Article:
“Like the radio, it picks up voices from beyond the vibrations of the human senses but unlike the radio, the broadcast comes from a world which is tuned to rarer vibrations than our own, stepped down, or transformed, to us through ether by the agency of this ectoplasmic substance.

You mentioned that you post your photos and Alex posts his writing without consultation, is it safe to say that your photos and his text are a representation of how a visited place affected you both? Actually there is some consultation... But it is pretty low-key and usually takes the form of a quick editorial suggestion. Sometimes I'll show her a text that I'm considering and say "should I cut that part out?" She almost always says "yes" to that question for some reason... Ha! But I like it. I think of the texts for Keefjnak as the product of a kind of reductive rather than additive process. As for the photos, if she's stuck on deciding between a couple of them, she asks which I think is better for the blog. As for the question of representation, I don't know if that is really what the text and photos are doing. The photos are taken onsite in the various places we go so at least on some level they have to be tied to place. But I think that in the same way that my texts and Tarrah's photos sometimes converge and seem to speak directly to each other, and sometimes diverge and seem to operate independently, that our trip and itinerary works the same way. That is to say, sometimes our location and trip enter into dialogue with the texts and photo in a direct or explicit way, other times not at all. We always wanted the Keefjnak project to be not-obvious and kind of dry, stingy and austere, even cold. We don't want the text, photo and trip to be engaged in some big long group-hug and we don't want people viewing/reading the blog to feel that way either!

Any harrowing stories thus far from your travels or a experience that stands out the most? Tarrah got food-poisoning from a salad in Wisconsin and then ended up getting an upgrade on a flight from Chicago to Mexico City to first class so she could be closer to the bathroom and puke in luxurious comfort while I sat alone in the back of the plane wondering what was going on. At one point in my ambien-fogged semi-sleep I heard a flight attendant ask over the intercom "Is there a doctor on the plane?" I was worried. Then it turned out it was for someone else.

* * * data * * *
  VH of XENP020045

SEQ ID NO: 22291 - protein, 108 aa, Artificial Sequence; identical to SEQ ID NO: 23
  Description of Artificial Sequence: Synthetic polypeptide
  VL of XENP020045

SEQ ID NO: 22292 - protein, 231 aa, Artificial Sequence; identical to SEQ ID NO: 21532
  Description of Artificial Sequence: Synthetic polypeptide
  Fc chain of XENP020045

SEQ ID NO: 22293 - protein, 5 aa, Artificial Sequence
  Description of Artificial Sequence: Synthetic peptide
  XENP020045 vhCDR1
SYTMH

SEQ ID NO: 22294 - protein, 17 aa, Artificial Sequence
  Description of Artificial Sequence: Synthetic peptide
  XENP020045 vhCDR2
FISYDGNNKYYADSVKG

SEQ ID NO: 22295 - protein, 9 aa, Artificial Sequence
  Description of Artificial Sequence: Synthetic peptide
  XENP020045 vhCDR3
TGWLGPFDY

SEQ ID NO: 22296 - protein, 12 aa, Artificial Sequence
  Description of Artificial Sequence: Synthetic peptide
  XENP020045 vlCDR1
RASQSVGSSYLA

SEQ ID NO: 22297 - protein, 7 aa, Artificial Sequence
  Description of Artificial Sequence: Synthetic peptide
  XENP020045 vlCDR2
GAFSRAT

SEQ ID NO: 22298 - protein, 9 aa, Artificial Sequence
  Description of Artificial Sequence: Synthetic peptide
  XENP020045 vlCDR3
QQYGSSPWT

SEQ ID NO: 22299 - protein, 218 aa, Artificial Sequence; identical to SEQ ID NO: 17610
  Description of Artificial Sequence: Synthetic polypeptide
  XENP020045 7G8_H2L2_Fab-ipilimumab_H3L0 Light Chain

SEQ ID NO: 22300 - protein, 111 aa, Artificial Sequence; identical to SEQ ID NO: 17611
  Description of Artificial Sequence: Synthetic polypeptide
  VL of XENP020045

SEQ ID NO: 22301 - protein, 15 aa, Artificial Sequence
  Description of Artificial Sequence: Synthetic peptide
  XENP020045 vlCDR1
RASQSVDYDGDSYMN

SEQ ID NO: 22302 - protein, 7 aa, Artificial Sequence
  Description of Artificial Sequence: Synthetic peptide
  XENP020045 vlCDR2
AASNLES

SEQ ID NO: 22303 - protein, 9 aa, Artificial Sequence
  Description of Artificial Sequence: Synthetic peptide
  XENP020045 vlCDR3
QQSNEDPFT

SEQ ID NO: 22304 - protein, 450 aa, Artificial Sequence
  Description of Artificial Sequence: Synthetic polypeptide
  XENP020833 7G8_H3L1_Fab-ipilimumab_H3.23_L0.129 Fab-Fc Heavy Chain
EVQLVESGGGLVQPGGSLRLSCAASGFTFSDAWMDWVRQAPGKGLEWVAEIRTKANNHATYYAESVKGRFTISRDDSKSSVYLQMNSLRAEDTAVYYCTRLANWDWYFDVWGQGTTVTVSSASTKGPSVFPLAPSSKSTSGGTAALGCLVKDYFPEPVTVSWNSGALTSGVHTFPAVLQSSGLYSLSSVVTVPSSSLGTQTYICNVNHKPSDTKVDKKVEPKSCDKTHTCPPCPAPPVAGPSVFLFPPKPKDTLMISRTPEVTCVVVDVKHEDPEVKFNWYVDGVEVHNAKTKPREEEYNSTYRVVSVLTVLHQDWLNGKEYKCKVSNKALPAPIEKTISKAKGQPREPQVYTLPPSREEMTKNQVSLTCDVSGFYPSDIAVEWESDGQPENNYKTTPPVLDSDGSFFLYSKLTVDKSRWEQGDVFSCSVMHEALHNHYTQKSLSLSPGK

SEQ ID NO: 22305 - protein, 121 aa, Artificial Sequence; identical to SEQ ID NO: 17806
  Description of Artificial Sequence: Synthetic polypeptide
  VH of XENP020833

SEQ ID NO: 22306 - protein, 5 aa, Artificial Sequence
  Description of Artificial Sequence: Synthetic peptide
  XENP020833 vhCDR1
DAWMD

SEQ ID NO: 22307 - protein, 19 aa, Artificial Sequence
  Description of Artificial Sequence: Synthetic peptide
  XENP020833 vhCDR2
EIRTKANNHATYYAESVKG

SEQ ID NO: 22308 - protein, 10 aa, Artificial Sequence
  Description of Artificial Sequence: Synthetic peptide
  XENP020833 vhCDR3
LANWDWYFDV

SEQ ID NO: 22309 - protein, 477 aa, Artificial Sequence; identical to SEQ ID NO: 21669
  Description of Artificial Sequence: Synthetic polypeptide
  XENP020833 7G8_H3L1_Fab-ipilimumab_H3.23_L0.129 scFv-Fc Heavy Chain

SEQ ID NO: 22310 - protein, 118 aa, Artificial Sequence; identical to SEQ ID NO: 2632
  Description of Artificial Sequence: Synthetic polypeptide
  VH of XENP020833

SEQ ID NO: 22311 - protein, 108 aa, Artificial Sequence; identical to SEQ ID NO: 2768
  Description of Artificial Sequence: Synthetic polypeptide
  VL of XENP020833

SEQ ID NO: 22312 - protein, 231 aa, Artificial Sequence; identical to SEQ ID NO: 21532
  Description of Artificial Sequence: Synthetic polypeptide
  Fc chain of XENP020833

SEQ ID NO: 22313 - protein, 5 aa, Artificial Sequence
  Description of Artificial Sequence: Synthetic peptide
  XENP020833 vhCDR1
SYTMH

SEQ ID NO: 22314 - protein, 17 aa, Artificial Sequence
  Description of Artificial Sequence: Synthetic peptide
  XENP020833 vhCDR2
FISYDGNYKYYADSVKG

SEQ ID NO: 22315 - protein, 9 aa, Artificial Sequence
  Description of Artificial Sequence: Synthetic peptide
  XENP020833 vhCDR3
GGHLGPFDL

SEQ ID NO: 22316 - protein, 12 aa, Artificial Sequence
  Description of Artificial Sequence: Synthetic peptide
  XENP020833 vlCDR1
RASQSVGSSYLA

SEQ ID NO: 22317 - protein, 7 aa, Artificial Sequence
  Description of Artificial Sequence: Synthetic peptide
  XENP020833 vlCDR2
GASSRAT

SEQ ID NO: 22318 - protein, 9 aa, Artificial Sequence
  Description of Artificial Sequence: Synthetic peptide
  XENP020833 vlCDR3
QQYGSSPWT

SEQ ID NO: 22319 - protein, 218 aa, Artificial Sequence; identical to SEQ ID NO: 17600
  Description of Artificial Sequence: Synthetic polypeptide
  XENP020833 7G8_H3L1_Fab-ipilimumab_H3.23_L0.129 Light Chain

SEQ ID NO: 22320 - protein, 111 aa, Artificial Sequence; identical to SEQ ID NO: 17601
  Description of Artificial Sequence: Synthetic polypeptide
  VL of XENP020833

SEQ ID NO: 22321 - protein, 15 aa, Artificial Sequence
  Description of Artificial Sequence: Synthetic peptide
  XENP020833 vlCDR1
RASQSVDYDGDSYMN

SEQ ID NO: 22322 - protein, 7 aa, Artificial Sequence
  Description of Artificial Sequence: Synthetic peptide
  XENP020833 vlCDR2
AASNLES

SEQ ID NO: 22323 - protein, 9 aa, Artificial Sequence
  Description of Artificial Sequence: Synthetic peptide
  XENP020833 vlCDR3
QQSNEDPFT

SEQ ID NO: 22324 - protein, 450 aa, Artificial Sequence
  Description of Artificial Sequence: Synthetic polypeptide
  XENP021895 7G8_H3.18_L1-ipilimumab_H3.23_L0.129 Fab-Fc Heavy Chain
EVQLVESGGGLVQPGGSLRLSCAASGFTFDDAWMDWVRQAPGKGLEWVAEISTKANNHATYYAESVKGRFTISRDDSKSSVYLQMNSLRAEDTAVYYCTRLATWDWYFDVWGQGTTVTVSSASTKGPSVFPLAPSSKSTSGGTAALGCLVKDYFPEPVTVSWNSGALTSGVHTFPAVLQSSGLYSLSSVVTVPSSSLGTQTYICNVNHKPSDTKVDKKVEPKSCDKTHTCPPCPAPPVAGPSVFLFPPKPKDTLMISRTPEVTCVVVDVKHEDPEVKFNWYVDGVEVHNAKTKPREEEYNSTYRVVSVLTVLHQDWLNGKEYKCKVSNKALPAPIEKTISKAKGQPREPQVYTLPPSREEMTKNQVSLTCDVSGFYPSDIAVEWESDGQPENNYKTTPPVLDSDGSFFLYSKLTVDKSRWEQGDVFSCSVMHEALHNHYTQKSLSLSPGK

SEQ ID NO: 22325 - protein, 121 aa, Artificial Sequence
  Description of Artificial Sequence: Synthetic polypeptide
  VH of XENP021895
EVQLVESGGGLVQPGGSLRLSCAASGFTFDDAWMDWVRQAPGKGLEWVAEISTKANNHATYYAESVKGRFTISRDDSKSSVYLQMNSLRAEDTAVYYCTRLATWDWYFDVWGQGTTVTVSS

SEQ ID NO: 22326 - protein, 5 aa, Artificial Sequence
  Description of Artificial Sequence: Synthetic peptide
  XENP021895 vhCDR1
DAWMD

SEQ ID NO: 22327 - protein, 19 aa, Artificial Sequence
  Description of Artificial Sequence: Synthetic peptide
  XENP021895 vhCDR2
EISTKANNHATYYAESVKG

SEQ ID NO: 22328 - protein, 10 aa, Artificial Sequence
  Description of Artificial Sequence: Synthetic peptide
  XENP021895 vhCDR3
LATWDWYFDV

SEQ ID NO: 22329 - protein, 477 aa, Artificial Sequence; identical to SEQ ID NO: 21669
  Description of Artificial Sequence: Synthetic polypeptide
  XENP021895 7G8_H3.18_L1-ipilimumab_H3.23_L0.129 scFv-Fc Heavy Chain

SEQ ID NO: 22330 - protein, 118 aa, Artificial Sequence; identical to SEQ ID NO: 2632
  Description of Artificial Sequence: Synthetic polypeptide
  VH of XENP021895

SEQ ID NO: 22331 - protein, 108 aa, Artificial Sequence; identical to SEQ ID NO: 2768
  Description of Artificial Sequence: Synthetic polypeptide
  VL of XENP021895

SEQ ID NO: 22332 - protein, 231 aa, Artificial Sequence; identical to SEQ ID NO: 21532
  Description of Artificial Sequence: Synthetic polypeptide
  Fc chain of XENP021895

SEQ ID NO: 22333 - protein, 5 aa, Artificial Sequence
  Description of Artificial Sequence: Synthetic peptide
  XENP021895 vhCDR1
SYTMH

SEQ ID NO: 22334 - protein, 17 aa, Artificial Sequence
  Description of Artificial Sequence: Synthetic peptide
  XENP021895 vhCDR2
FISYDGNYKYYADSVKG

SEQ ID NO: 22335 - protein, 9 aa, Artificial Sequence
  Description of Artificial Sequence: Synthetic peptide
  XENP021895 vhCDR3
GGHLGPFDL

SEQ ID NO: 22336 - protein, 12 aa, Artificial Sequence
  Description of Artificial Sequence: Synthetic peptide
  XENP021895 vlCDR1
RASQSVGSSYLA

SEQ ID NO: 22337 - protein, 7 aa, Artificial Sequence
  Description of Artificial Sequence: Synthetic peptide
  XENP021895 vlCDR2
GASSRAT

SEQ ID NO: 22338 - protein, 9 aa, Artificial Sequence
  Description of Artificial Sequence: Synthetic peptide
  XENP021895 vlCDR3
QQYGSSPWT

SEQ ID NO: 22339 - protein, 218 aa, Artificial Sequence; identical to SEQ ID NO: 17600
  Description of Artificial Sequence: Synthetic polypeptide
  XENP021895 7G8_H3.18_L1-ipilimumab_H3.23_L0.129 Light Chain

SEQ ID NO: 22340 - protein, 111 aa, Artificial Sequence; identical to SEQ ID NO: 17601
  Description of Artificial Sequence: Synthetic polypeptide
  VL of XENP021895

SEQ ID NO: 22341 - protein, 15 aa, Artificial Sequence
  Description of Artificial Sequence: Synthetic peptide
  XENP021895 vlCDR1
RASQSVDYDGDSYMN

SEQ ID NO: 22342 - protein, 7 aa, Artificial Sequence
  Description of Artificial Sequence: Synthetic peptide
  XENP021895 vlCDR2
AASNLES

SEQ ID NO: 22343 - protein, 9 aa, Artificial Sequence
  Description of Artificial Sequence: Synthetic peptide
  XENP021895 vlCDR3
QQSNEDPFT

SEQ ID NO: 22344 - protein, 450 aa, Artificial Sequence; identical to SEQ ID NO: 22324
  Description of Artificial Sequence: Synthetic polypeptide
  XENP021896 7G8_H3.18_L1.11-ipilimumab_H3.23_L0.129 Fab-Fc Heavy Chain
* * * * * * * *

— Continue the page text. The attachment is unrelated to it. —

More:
What's next? Well we are in Lima until late January working on a couple projects: Tarrah is shooting portraits of elderly nuns from the Catholic order called the Missionary Sisters of the Sacred Heart. They are German and have lived here in Lima at a convent in the back of a hospital for some 50 years. They also happen to run the orphanage that Tarrah was adopted from, which is how she got interested in the project. Some related work that she did in Reading, Pennsylvania at a retirement home for the missionary nuns is on her website: really affecting portraiture, some of it pretty harrowing, some more beatific. I'm working on writing an article on early video art for Bidoun magazine, a long-term writing project of mine that is being funded by Creative Capital and the Warhol Foundation. After Peru, we're making our way to India to work collaboratively on a project related to video art and the Indian space program in the 70s. I'm preparing by collecting stamps related to Indian telecommunications satellites.

Stay tuned to Keefjnak to follow Tarrah Krajnak and Alexander Keefe's journey. Text by Oliver Maxwell Kupper & Abbey Meaker for Pas Un Autre. All photos and captions Copyright © 2011 Tarrah Krajnak and Alexander Keefe.  

“There is an age-long and invisible force, termed ectoplasm, re-discovered by modern science, which has met with ridicule from every walk of life."